The amount of money lent from new mortgages fell by a third in June while credit card borrowing jumped by £1 billion, as households adjusted to the rising cost of living.
Mortgage debt fell by a third (33.75 per cent) compared to May and now stands at £5.3bn, although still above pre-pandemic levels of £4.3bn.
However, while mortgage borrowing fell, consumer borrowing increased, as people took out an extra £1.8bn, including £1bn on credit cards, according to figures from the Bank of England.
The amount that households save has also fallen, with deposits in savings and NS&I accounts falling to £1.9bn in June, down from £5.6bn in May.
malaise: Consumers are feeling the impact of the current economic climate, data suggests, with private consumers borrowing more in June while demand for mortgages fell
Data suggests that the cost-of-living crisis is driving clients to rely more on credit while dampening the housing market.
Increasing inflation also increases the interest charged on mortgages. The “effective” interest rate – the actual interest rate paid – on new mortgages also rose by 20 basis points (0.20 per cent) to 2.15 per cent in June.
The outstanding mortgage rate rose by 4 basis points to 2.11 per cent as the Bank of England raised interest rates.
There are also signs of a slowdown in the housing market with home approvals, an indicator of future borrowing, falling to 63,700 in June, from 65,700 in May, which is below the pre-pandemic 12-month average through February 2020 of 66,700.
Tomer Aboudi, Director of Property Lending at MT Finance, says: “It is not surprising that mortgage approvals for new purchases fell in June as some of the pressure was taken out of the market.
“With the potential for higher mortgage rates on the cards, buyers are taking advantage of the last remaining low rates before the inevitable rise, with those who re-mortgages desperate to lock in a fixed-term mortgage for as long as possible.”
Home approvals fell to 63,700 in June, from 65,700 in May, which is below the pre-pandemic 12-month average through February 2020 of 66,700.
The numbers reflect home purchases that were agreed upon several months in advance, indicating that the appetite for new mortgages could continue to decline.
Jeremy Leaf, North London estate agent and former RICS Chairman, adds: ‘Although these figures reflect activity for at least a few months, it is not surprising that borrowing is not as strong as it used to be.
Mortgage approval numbers, which show the underlying strength of the market, also fell in June to below the 12-month average. However, the lack of inventory and relatively low interest rates despite the high cost of living still support the market somewhat.
The figures bring the annual growth rate of all consumer credit to 6.5 percent in June. The highest rate since May 2019 (6.5 percent).
Credit card borrowing is on the rise
The annual growth rate for credit card borrowing in the year ending in June was 12.5 percent, while the growth rate for other forms of consumer credit such as personal loans and auto financing was 4.1 percent.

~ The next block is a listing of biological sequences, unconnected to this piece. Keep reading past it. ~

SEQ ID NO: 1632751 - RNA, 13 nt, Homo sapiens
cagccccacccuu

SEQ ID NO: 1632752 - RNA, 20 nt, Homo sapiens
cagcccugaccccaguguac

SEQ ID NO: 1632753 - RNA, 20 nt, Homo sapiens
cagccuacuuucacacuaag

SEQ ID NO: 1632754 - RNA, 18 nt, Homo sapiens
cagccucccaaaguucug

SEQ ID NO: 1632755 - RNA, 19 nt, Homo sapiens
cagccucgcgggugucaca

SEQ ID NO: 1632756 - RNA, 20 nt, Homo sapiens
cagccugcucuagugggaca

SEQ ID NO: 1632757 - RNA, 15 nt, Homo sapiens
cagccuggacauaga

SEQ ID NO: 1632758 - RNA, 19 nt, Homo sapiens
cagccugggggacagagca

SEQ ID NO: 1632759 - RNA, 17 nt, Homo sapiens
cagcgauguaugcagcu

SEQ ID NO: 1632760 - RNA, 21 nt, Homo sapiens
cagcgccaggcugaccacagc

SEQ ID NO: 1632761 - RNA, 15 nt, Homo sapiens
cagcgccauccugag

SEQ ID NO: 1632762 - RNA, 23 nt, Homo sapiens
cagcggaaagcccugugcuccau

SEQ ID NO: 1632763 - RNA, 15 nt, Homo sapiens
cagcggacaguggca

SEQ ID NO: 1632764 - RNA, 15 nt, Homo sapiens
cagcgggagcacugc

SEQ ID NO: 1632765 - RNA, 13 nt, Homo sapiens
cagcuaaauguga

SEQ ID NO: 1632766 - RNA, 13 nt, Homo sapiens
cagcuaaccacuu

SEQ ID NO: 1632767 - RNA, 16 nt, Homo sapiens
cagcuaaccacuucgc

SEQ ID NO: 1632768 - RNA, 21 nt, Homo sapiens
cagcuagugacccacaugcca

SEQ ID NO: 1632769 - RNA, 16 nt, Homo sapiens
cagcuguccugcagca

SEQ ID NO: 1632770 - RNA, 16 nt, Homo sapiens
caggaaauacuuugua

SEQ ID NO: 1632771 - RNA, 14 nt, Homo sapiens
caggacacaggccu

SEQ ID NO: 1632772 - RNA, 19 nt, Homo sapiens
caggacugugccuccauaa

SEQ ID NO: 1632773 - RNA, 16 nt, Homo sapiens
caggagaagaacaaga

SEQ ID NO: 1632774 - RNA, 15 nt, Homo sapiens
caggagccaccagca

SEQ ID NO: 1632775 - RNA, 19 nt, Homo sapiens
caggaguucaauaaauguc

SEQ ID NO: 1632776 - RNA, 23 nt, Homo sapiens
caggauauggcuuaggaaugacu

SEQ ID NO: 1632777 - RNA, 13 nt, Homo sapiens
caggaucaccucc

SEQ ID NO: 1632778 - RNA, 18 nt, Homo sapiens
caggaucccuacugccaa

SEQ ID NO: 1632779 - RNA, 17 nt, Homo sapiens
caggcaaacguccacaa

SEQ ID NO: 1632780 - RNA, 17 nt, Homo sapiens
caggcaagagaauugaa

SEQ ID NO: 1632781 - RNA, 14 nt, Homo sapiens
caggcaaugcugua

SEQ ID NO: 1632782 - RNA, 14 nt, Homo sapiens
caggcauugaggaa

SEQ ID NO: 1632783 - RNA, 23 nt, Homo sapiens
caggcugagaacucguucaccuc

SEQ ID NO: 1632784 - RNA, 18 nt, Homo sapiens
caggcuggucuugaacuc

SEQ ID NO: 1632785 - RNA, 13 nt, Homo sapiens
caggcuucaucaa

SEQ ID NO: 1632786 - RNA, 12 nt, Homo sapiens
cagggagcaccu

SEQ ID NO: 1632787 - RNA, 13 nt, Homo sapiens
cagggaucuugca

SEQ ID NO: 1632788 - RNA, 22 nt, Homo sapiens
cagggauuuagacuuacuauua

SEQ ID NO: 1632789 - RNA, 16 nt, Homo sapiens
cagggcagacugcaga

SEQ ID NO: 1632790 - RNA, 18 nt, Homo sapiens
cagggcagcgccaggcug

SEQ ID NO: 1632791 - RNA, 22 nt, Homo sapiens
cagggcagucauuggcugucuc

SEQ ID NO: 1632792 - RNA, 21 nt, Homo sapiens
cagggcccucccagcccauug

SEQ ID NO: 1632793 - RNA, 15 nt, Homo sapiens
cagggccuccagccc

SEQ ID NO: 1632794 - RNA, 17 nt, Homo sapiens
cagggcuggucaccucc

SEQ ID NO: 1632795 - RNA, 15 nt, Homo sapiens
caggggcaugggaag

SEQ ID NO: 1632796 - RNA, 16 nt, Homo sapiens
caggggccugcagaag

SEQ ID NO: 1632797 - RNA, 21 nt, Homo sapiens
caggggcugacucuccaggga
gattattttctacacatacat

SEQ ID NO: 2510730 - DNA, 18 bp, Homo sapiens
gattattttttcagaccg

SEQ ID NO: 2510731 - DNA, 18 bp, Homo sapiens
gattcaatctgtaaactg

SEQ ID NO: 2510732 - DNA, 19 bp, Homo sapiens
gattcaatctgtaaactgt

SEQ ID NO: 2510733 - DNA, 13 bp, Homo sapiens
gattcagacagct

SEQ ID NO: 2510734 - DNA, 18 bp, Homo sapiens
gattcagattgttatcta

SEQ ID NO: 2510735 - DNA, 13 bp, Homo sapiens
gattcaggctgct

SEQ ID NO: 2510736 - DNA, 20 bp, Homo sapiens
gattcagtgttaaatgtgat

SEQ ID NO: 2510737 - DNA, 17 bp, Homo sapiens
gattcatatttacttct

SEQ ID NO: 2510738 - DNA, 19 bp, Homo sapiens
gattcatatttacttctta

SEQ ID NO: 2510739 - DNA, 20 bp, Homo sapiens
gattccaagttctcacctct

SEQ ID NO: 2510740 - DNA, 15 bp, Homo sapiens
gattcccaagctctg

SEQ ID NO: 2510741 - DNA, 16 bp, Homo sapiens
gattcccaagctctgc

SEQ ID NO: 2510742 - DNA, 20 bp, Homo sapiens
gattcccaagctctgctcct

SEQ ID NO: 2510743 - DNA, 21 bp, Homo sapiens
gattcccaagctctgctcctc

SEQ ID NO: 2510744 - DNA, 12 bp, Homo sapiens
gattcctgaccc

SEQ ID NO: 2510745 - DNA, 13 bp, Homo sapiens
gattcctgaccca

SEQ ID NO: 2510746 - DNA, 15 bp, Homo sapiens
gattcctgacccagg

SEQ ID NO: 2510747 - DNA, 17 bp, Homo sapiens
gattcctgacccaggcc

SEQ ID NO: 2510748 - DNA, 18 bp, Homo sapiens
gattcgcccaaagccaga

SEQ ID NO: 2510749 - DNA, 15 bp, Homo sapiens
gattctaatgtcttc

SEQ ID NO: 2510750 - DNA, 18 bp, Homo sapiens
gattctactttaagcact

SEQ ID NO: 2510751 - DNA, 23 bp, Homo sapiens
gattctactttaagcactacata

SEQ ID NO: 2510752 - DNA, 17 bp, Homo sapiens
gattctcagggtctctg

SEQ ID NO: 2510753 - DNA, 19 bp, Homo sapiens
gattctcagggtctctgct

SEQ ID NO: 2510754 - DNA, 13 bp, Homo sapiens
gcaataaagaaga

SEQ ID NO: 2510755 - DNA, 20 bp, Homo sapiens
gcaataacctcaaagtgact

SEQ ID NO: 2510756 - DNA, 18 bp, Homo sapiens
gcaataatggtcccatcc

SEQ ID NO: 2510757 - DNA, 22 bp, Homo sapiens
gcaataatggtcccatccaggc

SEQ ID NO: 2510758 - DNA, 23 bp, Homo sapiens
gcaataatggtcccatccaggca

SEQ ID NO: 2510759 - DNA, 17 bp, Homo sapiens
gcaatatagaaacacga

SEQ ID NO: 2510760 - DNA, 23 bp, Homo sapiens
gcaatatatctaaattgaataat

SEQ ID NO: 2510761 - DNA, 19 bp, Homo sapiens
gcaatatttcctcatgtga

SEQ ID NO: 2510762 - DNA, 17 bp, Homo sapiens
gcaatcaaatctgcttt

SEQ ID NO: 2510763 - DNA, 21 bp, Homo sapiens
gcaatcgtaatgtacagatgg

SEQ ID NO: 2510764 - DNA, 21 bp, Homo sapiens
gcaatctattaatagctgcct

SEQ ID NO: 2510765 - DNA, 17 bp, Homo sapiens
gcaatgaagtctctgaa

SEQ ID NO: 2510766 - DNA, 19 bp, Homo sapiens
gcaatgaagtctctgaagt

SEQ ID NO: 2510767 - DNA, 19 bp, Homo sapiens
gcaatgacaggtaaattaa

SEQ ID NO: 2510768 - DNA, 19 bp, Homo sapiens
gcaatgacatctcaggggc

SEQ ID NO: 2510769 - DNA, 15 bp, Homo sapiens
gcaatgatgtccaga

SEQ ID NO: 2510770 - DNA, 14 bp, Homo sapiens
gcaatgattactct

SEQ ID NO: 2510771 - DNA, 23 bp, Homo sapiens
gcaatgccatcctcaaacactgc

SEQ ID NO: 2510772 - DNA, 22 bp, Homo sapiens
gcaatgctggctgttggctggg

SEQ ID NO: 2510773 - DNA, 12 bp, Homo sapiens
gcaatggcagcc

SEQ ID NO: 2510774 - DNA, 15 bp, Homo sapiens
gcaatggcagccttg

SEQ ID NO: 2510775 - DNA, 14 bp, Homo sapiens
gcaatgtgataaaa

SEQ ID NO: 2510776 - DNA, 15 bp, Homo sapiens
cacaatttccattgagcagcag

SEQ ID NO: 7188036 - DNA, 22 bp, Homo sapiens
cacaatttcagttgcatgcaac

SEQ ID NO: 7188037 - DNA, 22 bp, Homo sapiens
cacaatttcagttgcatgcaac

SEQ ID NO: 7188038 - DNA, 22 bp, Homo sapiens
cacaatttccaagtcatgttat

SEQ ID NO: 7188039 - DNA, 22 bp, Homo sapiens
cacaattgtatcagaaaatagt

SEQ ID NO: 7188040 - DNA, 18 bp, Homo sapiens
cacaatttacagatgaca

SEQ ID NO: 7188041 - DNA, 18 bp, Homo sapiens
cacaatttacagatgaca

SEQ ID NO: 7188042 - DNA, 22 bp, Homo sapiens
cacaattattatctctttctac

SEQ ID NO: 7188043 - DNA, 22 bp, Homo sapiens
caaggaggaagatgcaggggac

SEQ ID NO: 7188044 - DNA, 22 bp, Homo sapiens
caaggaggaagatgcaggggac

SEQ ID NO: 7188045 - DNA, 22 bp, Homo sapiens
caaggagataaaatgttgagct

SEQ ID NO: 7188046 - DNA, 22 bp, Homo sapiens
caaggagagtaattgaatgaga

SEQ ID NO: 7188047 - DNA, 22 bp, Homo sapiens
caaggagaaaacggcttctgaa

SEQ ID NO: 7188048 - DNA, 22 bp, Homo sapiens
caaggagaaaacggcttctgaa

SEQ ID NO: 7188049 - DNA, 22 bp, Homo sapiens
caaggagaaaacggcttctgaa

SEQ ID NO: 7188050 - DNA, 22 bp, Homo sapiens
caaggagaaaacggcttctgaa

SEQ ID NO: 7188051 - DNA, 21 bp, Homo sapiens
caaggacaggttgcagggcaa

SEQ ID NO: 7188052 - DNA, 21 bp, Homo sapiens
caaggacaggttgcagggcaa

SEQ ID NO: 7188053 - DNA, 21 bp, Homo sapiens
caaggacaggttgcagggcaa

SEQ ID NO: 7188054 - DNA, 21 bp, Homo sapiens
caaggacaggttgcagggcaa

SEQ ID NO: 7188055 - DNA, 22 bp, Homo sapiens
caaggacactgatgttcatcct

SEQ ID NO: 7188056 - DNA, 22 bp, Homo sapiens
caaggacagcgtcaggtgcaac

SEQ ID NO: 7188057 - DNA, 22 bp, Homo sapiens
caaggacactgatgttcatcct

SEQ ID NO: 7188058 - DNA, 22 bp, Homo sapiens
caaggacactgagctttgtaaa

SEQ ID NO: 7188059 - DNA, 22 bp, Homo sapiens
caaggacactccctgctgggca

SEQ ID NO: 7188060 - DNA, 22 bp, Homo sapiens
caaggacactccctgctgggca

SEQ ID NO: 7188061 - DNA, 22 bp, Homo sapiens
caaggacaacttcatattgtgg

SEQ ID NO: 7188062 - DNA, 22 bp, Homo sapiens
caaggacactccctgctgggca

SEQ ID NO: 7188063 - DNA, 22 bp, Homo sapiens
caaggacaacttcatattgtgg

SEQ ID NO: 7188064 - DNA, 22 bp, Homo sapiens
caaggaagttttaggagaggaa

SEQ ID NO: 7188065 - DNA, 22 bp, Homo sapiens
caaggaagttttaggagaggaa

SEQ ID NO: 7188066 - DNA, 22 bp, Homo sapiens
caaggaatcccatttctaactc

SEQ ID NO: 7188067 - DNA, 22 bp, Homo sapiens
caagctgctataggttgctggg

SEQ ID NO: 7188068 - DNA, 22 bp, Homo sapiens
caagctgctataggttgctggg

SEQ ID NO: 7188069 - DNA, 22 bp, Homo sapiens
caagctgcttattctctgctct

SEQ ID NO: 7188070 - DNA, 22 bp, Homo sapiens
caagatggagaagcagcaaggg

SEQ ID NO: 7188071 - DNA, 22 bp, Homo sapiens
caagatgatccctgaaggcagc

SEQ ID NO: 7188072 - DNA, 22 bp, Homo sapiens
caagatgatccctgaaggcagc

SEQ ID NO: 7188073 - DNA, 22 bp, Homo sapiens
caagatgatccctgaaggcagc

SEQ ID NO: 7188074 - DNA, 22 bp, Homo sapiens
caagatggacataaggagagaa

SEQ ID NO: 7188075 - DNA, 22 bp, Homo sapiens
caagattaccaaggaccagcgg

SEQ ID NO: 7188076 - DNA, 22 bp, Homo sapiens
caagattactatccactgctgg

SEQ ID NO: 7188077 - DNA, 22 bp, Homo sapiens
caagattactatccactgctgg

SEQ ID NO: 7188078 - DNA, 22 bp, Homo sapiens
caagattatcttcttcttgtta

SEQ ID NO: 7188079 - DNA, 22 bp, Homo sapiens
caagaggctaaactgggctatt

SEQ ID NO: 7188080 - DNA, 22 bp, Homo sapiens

These were the highest rates since November 2005 (12.6 percent) and March 2020 (5.6 percent), respectively.
Additional consumer credit borrowing in June was split between £1.0 billion on credit cards, and £0.8 billion through other forms of consumer credit such as personal loans.
Paul Heywood, chief data and analytics officer at Equifax commented: “With prices rising and disposable income shrinking, consumers are having to find ways to increase the money flowing into their checking accounts.
Higher-income households are increasingly turning to their savings, reversing a trend seen during the pandemic, while lower-income earners are turning to the credit industry to help them weather the storm.
Applications for credit are now back to pre-pandemic levels, and with the cost of living crisis still playing out, that demand isn’t going anywhere.
Credit is also becoming more expensive. New personal loan rates to individuals rose 0.022 percent to 6.71 percent in June, but remained just below the pre-pandemic level of 6.9 percent.
The effective rate of interest-bearing credit cards increased by 19 basis points (0.19 percent) to 18.56 percent, staying one basis point above the February 2020 level.
Family savings decreased by £3.7 billion
Combined household deposits in savings and NS&I accounts were £1.9bn in June, down from £5.6bn in May and below the net monthly average of £4.7bn in the 12 months before the pandemic.
Business was also affected by higher interest rates as mortgages for new businesses rose 10% in June
The average floating rate mortgage for a business is now 2.44%
The average fixed rate mortgage for new business is now 2.14%
The average gross mortgage rate for new business is now 2.6%
Rosie Hooper, Quilter’s certified financial planner, said: “New money and credit statistics from the Bank of England show that the amount of people saving has fallen while consumer credit has increased. These are worrying figures that show the strain the country’s finances are currently in.
It is clear that the cost of living crisis is starting to hamper people’s ability to save money for the future as it is being absorbed by the price hike.
The increase in borrowing is really cause for concern, as while it is still warm, the worst of the energy crisis is not in effect.
“As the night approaches and the temperatures drop, things can get significantly worse. Credit cards have some of the highest interest rates, and if borrowing is to pay current high costs of living or pay essential bills, people can quickly spiral into unmanageable debt.”
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